It may surprise some travelers, but the greatest safety risks in Australia are natural. For example, if you have plans to visit one of the many beaches you should absolutely bring sunscreen rated SPF 30 or higher. The level of UV exposure is increased in Australia due in part to the hole in the ozone layer above the country. It can take as little as 15 minutes to get a sunburn without protection. In addition to high UV exposure, tourists must be conscious of the risks associated with swimming. Strong riptides and large waves can spell disaster for beachgoers who aren't paying attention. Always swim in designated areas with lifeguards on duty and avoid going to the beach alone, especially if you are not a strong swimmer.
Wildlife also poses a threat not only on beaches but also in other parts of the country. Bull sharks, saltwater crocodiles, Box and Irukandji jellyfish, and blue-ringed octopus can affect swimmers in ocean waters. Some land-based wildlife, including several venomous snake species and the infamous Sydney funnel web spider, are poisonous and can be fatal. Although kangaroos look cuddly, they can be much larger than tourists expect. In general, don't get too close (you don't want to get kicked) and keep your eyes peeled while driving on open roadways.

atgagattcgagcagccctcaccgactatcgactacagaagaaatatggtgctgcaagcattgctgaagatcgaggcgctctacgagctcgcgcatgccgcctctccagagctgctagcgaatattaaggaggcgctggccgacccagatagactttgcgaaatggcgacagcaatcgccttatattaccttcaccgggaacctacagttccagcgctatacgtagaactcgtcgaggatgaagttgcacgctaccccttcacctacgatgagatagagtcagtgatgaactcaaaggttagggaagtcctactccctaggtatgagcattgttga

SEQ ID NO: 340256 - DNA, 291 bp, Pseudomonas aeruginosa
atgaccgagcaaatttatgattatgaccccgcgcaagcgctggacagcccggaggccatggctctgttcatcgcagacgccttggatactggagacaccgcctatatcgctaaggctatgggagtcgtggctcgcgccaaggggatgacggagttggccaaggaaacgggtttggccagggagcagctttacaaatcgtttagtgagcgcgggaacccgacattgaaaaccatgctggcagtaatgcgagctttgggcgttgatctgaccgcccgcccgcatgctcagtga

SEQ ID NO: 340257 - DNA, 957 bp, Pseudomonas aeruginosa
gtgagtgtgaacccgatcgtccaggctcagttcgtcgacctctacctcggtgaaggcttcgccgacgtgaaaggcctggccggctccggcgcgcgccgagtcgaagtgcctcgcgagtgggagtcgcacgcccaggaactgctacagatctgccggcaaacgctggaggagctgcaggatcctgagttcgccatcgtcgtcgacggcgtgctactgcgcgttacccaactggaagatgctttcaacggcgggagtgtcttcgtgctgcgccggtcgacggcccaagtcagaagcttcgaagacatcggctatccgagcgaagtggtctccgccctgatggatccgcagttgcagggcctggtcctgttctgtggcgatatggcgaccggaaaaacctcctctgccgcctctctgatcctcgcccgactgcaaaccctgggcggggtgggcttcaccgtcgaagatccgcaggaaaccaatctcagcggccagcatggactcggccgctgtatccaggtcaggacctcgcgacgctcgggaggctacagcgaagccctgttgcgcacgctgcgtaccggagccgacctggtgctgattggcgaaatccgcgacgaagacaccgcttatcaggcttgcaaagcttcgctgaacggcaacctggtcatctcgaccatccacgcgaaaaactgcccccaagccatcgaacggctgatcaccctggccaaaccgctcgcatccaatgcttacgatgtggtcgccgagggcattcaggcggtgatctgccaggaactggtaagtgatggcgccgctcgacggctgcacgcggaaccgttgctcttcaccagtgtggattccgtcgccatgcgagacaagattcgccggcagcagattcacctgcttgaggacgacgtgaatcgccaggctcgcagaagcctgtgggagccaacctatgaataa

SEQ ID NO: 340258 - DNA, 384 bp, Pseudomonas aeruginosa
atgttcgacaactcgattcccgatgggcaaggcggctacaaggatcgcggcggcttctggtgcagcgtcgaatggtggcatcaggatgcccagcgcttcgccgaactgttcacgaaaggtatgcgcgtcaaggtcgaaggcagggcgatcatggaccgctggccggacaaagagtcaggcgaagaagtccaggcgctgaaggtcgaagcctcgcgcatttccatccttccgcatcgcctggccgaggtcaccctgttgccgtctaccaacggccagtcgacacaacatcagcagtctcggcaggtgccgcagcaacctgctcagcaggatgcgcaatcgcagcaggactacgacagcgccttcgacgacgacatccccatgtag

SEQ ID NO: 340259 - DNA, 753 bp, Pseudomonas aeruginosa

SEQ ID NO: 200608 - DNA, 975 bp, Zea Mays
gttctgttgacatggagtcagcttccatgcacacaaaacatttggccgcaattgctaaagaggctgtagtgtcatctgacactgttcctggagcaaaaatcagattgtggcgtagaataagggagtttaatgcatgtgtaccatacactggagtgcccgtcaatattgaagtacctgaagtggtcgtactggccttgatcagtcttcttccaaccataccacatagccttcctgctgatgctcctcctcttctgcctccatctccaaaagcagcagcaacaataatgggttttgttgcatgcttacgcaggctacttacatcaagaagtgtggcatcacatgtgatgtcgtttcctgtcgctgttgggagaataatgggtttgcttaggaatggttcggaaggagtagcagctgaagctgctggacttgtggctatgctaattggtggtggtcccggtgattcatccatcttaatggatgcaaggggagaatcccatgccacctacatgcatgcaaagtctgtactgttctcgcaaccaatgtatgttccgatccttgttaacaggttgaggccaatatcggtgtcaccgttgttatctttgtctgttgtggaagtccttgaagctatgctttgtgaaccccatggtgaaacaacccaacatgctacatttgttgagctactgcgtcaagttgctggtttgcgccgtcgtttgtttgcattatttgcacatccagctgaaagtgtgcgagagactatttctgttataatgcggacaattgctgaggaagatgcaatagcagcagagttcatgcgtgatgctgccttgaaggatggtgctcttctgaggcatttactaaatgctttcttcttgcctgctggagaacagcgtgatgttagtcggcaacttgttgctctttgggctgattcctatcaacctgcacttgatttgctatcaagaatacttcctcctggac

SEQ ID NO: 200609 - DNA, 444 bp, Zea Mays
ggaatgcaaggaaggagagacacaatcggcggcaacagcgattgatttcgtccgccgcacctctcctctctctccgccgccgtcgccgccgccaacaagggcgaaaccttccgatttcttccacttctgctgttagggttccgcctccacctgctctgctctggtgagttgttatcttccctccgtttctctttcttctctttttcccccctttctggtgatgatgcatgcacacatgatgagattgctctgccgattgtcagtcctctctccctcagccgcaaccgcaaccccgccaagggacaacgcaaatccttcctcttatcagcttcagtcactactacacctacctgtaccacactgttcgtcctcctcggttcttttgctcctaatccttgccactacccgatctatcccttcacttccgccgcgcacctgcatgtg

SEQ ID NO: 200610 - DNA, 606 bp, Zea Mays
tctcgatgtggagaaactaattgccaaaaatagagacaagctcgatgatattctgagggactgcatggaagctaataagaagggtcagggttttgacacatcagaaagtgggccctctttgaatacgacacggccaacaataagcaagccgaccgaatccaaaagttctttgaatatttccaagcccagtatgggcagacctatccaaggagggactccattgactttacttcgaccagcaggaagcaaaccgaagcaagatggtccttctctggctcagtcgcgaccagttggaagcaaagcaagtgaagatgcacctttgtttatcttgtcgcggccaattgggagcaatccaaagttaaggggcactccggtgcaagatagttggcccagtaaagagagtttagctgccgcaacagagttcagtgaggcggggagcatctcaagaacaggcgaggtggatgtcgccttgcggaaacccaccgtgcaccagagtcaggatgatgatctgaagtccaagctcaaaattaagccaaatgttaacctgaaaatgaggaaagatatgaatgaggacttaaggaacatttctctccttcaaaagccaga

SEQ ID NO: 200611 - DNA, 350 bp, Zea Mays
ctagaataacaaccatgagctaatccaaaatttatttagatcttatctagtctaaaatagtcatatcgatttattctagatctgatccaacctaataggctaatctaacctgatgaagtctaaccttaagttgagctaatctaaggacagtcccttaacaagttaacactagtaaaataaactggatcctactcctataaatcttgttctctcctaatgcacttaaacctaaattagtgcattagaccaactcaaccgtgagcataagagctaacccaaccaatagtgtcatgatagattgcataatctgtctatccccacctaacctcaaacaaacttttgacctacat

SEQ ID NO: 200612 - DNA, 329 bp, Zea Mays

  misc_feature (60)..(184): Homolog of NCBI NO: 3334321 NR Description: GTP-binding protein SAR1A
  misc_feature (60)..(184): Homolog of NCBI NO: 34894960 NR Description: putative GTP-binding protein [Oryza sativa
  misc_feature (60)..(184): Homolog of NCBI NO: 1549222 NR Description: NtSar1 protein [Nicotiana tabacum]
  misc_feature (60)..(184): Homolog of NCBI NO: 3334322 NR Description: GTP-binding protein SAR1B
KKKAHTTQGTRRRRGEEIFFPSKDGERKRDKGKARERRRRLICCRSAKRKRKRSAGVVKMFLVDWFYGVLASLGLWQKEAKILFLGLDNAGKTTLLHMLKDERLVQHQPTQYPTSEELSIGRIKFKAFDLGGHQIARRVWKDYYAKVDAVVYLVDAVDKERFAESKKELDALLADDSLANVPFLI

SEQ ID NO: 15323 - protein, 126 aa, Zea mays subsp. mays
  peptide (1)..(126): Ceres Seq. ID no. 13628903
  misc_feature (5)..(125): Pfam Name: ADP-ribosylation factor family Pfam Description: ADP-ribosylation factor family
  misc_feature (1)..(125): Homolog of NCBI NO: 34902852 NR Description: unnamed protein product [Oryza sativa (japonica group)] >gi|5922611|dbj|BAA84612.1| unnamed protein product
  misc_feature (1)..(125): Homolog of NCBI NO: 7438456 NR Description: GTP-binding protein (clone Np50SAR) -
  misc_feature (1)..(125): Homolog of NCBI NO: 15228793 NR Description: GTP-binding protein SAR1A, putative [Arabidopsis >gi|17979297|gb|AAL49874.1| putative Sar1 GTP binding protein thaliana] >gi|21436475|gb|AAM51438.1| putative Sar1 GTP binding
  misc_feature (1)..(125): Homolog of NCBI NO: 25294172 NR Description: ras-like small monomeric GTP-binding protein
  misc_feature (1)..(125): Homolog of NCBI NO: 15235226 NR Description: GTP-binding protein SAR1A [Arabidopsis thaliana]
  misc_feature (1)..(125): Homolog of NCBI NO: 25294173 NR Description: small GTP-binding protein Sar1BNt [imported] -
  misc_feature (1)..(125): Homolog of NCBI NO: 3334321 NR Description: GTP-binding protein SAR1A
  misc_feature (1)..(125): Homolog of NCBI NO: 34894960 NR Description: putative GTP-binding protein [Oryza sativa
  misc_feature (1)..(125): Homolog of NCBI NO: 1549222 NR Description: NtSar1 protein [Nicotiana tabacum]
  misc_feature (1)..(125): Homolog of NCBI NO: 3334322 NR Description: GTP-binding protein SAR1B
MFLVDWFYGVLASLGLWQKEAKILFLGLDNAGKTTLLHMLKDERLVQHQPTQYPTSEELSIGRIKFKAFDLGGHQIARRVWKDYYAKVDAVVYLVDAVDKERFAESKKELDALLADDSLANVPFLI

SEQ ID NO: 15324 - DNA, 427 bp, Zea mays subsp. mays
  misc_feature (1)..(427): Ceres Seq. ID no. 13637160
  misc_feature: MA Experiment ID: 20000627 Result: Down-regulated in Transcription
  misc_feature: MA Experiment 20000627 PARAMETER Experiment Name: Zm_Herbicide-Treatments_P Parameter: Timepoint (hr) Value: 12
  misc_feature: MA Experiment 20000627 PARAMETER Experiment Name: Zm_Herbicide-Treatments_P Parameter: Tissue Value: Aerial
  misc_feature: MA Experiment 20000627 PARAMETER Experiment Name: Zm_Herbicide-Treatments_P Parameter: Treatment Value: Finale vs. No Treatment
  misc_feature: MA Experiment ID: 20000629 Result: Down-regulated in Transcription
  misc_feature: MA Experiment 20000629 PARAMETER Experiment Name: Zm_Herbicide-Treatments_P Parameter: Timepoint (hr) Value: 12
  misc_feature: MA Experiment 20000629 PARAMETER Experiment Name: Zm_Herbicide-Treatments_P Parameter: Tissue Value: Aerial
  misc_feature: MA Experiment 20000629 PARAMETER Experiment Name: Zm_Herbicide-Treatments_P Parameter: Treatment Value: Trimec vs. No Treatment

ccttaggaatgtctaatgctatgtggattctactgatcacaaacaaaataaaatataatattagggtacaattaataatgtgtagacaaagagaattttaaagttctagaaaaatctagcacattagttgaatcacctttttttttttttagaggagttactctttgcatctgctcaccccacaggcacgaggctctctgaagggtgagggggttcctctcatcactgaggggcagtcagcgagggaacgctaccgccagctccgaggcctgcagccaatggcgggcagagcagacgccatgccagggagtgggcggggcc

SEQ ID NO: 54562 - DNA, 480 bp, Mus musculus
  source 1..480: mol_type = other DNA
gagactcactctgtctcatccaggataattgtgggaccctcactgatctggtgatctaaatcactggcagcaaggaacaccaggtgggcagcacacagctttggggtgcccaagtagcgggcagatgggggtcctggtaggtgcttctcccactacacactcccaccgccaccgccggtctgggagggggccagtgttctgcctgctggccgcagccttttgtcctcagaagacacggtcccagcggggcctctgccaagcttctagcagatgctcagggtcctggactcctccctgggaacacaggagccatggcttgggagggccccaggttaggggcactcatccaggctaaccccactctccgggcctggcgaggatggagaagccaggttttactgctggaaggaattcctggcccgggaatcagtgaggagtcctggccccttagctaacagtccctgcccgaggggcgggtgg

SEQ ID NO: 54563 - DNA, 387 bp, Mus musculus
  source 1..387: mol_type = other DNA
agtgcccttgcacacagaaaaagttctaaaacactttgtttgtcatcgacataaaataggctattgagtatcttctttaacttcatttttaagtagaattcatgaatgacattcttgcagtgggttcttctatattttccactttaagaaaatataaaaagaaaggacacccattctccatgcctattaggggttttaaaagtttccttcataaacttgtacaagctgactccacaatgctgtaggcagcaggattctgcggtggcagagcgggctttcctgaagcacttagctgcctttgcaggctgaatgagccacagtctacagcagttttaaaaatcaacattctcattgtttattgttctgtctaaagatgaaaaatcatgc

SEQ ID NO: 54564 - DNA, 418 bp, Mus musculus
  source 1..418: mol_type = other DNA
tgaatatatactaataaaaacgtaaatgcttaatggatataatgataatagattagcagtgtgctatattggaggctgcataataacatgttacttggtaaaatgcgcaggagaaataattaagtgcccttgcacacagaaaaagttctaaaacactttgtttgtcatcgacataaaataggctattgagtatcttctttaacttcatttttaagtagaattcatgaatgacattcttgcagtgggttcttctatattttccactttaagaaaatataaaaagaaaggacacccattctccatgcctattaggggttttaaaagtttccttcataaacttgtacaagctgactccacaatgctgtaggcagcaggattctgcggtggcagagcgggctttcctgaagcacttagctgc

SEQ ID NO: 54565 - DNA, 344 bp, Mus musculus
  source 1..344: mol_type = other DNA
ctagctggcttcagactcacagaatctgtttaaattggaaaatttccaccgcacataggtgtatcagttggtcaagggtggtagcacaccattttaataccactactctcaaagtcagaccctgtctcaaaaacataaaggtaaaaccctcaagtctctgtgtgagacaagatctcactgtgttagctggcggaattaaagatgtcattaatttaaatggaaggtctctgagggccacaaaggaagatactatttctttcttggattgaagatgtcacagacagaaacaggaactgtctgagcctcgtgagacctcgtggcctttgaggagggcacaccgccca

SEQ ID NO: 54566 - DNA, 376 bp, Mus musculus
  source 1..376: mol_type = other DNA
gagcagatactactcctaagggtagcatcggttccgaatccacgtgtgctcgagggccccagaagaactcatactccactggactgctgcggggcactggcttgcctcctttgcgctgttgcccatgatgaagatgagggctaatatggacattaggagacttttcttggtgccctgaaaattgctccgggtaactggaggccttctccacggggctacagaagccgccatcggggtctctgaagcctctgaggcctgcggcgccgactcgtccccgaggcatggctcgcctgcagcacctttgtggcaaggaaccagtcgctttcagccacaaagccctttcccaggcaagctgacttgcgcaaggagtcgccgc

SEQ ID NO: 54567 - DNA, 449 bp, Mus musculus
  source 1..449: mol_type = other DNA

Australia is no stranger to natural disasters, including volcanic eruptions, cyclones, heat waves, and wildfires (known regionally as "bushfires"). While many of these threats are difficult to prepare for, travelers should pay attention to areas prone to long periods of dry heat and ultimately bushfires. If you're traveling through the Outback, for example, there are some stretches with limited water, little to no cell service, and no gas stations. As with every part of your trip to Australia, you should evaluate the safety risks and plan accordingly.